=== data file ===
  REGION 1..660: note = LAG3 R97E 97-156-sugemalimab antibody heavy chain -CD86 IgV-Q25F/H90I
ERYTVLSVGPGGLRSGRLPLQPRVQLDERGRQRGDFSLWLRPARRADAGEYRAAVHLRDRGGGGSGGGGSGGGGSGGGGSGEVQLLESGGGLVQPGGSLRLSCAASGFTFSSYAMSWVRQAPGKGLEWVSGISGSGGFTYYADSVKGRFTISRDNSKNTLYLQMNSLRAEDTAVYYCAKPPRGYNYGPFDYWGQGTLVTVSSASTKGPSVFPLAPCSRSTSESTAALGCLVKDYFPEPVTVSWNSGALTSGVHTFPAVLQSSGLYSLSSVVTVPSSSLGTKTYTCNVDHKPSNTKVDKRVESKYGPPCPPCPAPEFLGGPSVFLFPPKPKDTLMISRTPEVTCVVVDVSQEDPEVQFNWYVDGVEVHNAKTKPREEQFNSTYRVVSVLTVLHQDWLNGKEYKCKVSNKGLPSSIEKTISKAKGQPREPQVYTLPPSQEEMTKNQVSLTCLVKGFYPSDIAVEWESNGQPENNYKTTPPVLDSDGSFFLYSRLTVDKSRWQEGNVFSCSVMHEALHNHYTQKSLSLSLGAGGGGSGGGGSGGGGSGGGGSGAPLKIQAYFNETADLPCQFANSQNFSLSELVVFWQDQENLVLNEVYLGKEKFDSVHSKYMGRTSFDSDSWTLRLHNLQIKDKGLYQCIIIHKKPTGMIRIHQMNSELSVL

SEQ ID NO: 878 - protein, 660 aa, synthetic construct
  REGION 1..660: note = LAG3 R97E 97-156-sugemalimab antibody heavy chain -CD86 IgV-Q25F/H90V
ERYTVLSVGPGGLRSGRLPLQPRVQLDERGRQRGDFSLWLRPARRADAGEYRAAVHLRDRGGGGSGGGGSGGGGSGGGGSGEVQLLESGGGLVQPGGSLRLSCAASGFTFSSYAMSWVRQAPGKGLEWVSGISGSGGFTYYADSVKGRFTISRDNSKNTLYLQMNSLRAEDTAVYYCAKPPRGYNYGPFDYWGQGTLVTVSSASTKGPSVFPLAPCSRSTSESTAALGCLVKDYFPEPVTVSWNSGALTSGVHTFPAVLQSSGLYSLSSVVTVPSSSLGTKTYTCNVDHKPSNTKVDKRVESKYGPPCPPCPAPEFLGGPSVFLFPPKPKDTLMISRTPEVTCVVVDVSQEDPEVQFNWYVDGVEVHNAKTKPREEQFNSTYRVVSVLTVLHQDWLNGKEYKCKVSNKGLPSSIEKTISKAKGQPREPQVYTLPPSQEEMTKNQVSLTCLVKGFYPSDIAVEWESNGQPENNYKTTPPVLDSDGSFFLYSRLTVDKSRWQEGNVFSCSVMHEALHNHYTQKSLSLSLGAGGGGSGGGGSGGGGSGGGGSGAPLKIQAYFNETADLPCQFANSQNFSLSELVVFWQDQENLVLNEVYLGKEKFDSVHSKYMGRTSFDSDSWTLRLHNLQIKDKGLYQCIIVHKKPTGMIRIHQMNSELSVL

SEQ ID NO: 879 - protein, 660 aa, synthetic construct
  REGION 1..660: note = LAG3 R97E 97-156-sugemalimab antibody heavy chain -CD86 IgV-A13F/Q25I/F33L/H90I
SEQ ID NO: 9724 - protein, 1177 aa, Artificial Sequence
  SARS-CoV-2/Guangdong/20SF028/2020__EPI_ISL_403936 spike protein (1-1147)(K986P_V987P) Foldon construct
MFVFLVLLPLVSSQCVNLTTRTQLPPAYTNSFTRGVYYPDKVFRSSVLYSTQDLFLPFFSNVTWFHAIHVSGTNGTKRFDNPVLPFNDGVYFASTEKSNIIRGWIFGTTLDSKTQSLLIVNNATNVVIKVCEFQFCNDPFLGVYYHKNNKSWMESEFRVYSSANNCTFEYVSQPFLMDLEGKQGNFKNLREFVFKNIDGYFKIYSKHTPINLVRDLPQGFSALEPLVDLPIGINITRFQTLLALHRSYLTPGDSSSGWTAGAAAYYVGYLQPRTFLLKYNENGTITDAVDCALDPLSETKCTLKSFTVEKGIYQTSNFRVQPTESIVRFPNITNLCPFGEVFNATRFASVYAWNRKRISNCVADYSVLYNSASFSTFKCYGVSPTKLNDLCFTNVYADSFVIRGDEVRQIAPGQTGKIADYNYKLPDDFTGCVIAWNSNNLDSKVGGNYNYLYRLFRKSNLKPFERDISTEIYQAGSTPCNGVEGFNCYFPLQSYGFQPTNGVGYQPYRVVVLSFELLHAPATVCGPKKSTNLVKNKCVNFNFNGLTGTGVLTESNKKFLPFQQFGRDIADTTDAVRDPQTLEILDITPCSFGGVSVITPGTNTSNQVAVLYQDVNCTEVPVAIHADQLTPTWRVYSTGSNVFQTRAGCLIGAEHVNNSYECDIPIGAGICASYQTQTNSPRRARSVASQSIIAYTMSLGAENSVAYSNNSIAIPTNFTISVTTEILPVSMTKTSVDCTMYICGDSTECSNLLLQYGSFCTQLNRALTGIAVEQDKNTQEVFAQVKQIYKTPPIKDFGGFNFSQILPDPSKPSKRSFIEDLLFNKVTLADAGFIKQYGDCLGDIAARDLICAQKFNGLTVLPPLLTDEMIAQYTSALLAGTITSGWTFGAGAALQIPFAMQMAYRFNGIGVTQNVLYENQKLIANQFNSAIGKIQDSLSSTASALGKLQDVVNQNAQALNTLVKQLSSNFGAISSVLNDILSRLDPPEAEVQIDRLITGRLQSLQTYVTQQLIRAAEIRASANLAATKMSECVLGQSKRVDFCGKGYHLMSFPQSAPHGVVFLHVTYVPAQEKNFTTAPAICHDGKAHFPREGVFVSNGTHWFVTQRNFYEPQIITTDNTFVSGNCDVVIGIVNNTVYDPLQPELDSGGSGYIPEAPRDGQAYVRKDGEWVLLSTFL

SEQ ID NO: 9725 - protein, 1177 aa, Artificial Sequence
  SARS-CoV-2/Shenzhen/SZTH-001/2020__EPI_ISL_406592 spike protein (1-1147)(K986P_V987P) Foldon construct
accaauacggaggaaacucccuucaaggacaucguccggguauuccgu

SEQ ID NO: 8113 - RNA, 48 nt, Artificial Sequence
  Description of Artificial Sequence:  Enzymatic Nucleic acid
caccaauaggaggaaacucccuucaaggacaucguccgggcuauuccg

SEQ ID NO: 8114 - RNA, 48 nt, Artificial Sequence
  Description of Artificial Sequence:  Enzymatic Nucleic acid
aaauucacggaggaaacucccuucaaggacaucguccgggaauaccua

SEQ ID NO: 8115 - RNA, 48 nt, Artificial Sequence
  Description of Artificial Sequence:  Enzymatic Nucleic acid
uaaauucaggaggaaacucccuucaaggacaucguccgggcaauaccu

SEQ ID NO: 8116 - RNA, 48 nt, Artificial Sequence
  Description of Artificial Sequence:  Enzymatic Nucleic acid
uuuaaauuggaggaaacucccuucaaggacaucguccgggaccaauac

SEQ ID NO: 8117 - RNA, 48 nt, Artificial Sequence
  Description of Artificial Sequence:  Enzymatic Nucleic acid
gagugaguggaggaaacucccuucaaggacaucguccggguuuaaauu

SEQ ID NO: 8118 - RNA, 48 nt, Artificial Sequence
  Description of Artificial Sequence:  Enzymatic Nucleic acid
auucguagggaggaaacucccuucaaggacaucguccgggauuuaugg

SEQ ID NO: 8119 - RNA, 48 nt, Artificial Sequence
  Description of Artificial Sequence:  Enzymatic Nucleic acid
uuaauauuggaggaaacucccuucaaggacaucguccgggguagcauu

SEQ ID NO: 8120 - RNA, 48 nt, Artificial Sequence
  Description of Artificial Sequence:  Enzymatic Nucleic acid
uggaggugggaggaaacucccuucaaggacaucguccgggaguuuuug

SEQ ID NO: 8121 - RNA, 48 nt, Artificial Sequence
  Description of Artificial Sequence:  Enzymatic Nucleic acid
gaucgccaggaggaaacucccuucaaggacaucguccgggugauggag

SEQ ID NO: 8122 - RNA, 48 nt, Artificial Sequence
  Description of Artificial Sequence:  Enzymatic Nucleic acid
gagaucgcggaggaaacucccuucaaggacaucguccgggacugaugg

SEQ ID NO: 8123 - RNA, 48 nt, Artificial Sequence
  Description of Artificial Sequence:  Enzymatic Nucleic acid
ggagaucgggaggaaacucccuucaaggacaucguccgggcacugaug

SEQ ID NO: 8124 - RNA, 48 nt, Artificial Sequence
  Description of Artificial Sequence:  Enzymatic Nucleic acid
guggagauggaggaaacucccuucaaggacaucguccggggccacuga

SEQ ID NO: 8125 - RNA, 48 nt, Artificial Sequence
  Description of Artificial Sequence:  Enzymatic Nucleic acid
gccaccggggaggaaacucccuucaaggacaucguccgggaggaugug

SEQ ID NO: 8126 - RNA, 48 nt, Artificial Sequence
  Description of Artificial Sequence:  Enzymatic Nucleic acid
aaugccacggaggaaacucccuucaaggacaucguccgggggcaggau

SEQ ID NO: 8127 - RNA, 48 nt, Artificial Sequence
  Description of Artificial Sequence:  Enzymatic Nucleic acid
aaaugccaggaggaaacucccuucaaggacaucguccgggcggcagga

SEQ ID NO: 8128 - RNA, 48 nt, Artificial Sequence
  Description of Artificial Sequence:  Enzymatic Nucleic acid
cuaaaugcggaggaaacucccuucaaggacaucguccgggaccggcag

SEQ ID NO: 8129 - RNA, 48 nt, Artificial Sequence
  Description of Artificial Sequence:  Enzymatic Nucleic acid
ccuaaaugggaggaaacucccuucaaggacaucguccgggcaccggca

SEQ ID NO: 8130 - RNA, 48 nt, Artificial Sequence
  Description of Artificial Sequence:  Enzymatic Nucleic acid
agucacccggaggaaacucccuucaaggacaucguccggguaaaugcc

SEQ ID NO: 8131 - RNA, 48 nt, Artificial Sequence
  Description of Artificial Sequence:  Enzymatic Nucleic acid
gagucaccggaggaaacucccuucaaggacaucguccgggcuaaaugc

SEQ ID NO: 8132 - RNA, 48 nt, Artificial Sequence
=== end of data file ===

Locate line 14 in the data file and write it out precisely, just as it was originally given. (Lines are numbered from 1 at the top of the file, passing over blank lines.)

SEQ ID NO: 8113 - RNA, 48 nt, Artificial Sequence